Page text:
Vertical retrace interrupt?

After issuing a swap buffers command, I call glFinish(), which doesn’t return until the vertical retrace. My only problem is that glFinish() ties up the processor, not allowing any other threads to execute. Does anybody know of a blocking OpenGL function call that will give up the processor to another thread until the vertical retrace occurs? I don’t want to estimate the vertical retrace by continually checking the time.

There ain’t no such thing. The implementation specifics of glFinish() are not defined; they’re up to the driver. Trying to do it with events or any other “nice” synchronization primitive will incur all the jitter penalty of the Windows scheduler, which may throw dozens of milliseconds of jitter into the mix. When the screen redraws every 15 milliseconds, you really don’t want to be doing that. At least not if your business is out-doing your competitors in various benchmarks.

Is it valid to call glFinish() after you’ve swapped buffers? (Personally I don’t call glFinish at all - which might be frowned upon?)

How do you know that glFinish() doesn’t return until the retrace? Could it be as simple as you have VSync set to always on? If so check your driver settings and set it to always off (as an initial test).

If that’s your problem look at wglSwapIntervalEXT() (WGL_EXT_Swap_Control)

glFinish() blocks until every pending operation in the pipeline is completed. In your case calling it is completely unnessary.

Just swap the buffers and your are set.

In a multithreaded app you must call glFlush() in every other thread rendering to that context prior to swapping buffers.

SwapBuffers will call glFlush() for the current thread for you.

>>In a multithreaded app you must call glFlush() in every other thread rendering to that context prior to swapping buffers. <<

Actually glFlush() is not enough. You must use glFinish().

Originally posted by Relic:
Actually glFlush() is not enough. You must use glFinish().

Why that?

If I have to do call glFinish() every frame it would render the whole concept of a ‘pipeline’ useless.

I can only think of some rare cases where you have to call glFinish() at all (multithreaded or not).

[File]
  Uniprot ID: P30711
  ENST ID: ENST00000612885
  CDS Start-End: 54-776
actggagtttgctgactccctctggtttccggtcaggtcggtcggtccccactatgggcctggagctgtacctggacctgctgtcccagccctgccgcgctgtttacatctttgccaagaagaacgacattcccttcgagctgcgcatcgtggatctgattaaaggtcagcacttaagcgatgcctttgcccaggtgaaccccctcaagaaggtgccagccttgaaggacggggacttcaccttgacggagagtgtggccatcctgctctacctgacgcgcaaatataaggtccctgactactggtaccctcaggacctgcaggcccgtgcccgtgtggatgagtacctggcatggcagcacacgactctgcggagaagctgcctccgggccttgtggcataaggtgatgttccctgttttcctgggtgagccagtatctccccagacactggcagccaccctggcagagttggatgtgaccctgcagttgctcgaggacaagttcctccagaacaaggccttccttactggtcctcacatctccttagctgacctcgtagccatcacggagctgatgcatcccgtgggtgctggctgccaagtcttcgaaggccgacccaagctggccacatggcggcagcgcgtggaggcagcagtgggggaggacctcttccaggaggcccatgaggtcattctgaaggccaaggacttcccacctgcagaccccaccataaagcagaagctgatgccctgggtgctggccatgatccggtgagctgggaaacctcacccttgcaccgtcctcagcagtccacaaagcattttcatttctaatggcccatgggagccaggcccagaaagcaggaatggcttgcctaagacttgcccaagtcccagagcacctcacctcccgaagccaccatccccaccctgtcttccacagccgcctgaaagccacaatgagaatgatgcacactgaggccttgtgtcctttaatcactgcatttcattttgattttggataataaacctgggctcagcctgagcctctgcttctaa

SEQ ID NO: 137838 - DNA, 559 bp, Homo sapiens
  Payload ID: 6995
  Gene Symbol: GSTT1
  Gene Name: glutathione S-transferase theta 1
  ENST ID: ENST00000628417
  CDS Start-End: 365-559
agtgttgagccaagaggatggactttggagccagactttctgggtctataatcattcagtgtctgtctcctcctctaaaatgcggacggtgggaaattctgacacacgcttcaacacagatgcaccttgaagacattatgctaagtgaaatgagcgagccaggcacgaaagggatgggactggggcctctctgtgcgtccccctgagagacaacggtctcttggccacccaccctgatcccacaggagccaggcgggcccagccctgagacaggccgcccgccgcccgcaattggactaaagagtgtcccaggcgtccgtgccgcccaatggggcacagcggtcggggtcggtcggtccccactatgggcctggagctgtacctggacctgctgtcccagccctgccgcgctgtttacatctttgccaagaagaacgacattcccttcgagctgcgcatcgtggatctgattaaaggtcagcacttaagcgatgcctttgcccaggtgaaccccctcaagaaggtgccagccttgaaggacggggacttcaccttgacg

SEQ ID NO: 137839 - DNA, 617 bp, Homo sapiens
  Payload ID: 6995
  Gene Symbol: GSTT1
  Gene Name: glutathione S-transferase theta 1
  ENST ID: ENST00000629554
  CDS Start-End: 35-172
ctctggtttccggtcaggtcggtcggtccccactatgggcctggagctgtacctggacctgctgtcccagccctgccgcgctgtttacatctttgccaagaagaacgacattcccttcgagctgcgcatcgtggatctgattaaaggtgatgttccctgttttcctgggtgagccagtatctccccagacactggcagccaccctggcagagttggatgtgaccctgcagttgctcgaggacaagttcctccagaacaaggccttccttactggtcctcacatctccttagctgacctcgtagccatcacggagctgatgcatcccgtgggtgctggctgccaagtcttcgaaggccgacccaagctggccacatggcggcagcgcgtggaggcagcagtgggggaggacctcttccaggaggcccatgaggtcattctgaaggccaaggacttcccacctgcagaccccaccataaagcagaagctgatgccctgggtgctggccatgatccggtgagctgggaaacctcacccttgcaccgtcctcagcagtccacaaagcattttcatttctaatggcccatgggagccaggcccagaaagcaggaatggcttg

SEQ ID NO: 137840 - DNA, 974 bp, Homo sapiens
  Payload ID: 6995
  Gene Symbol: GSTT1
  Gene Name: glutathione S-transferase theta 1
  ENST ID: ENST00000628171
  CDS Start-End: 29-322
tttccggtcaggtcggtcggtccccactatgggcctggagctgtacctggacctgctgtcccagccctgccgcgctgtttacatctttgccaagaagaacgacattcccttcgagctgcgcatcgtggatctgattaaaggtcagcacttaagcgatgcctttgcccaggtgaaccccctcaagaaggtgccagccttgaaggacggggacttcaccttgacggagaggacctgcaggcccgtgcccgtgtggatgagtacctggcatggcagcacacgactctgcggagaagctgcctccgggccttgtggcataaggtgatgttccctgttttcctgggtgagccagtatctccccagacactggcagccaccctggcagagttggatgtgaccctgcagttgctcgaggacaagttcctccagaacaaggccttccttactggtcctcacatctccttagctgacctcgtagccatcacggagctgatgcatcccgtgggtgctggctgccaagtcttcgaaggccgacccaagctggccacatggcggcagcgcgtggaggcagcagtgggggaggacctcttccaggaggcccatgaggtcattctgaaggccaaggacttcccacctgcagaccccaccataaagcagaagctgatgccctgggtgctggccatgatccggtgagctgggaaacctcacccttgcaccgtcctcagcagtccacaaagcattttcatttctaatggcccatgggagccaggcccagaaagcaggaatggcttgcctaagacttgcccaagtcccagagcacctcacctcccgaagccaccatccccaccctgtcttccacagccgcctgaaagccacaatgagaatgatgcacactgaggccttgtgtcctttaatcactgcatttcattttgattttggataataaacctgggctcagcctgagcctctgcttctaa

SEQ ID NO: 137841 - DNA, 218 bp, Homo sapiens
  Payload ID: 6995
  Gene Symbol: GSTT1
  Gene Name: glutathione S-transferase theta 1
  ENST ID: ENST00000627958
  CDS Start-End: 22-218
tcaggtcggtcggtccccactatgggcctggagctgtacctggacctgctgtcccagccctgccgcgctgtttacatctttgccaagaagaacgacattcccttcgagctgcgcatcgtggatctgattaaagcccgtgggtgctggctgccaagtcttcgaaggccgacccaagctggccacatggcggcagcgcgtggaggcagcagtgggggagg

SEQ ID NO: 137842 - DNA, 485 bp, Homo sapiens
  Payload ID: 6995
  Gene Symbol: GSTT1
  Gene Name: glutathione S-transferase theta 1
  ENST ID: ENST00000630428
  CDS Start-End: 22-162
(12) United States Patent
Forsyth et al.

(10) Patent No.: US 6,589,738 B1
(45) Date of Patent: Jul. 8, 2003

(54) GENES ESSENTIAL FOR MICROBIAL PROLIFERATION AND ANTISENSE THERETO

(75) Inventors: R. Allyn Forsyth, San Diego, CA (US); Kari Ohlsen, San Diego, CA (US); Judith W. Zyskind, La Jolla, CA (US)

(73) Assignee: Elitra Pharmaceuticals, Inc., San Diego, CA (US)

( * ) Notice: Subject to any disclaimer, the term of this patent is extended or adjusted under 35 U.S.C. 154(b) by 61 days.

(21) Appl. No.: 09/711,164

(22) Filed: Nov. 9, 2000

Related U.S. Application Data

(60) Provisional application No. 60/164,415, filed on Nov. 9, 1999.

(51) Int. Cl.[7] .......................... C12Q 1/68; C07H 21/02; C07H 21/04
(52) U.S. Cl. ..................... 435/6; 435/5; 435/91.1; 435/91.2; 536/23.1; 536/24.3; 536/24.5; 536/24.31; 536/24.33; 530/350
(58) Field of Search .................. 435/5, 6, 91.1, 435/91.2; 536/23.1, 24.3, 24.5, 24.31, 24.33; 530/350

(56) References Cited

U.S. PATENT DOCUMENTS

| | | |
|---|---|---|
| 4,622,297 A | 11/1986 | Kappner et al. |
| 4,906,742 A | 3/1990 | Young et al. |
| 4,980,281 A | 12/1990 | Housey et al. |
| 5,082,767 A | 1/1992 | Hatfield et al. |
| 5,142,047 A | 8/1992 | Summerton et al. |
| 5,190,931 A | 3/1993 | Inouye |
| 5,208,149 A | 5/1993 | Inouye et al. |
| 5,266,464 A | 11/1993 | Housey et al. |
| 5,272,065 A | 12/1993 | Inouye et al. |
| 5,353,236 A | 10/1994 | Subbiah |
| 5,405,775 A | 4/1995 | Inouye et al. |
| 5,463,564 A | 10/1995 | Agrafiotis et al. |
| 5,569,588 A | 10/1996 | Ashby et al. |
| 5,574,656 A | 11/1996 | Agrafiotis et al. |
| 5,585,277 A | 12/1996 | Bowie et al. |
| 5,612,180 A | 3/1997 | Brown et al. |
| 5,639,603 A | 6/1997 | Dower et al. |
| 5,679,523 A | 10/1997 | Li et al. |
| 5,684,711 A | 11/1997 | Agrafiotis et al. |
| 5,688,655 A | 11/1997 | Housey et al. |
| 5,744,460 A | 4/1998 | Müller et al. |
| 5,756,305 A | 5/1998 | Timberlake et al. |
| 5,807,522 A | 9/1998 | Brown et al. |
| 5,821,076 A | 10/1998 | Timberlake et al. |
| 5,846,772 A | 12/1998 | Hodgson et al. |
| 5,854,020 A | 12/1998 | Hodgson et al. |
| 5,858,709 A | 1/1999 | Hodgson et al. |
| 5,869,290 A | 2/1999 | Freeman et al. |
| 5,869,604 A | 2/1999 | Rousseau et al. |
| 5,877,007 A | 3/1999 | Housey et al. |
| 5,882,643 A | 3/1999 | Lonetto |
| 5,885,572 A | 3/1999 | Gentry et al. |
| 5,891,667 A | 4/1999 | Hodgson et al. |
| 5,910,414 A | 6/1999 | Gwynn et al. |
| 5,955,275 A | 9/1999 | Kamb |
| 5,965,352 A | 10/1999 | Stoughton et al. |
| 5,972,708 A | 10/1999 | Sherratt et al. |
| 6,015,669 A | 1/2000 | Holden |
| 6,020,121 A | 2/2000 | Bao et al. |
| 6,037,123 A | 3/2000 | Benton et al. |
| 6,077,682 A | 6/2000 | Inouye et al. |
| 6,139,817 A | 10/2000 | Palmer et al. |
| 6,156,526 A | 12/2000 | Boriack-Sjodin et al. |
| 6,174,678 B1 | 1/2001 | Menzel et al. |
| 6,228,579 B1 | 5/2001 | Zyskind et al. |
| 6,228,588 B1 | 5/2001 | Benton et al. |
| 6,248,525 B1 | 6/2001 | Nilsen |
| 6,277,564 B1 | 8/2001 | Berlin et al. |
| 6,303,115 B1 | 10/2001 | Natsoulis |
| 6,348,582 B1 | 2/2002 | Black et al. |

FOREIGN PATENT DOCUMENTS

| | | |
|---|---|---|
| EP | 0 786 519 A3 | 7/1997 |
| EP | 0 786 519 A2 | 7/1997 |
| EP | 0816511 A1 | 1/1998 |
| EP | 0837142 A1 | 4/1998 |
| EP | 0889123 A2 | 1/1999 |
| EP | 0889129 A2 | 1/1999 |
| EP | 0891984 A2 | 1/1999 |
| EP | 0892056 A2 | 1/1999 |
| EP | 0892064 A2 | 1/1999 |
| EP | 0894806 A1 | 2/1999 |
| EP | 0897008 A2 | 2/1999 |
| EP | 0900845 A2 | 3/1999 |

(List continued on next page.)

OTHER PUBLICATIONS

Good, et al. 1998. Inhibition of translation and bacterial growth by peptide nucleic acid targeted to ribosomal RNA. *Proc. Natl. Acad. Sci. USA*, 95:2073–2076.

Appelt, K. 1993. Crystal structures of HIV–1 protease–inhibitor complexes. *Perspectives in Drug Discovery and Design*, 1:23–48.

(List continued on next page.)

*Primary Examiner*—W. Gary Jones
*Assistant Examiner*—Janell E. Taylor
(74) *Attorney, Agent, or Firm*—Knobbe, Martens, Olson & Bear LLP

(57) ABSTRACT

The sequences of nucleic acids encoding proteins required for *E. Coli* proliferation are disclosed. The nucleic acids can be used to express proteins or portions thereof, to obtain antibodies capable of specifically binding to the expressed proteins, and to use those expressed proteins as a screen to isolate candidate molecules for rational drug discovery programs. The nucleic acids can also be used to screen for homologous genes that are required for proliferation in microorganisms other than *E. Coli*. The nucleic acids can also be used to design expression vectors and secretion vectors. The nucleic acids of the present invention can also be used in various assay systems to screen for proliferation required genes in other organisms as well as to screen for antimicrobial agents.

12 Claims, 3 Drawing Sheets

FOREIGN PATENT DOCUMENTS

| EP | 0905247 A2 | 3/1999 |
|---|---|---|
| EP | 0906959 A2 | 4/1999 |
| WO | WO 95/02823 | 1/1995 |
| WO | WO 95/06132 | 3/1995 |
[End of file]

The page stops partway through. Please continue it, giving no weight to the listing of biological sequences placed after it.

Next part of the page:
a.) You need to be sure that all the rendering is done before you save/print/decorate/whatever.

b.) You need to make sure that all the state changes issued by different threads are applied (since doing state changes from different threads is a ‘no-no’ anyway, its kind of a mood point)

Right now, I only call glFinish() before the application gets terminated so I can make sure that I dont leave any resource leaks behind (maybe a little to much but I like to live on the save side).

Right, in a single thread program there’s no need to call glFinish normally (exceptions are benchmarking or GDI interaction).

I was only referring to multithreading.
In a multithreaded app you need to make sure that all threads not doing the swap have FINISHED rendering before one thread accesses the framebuffer. That can be anything like SwapBuffers, glCopyPixels, etc.

A glFlush only means that the commands which have not been processed so far are started and finish after a finite amount of time (== you don’t know when => insecure to swap).
Each slave rendering thread needs to call glFinish, signal in a mutex that it’s done and only then the main thread may swap buffers (no need to call glFinish in the main thread, of course).
Doing the swap earlier can result in missing geometry.

Another exception is if you care about latency.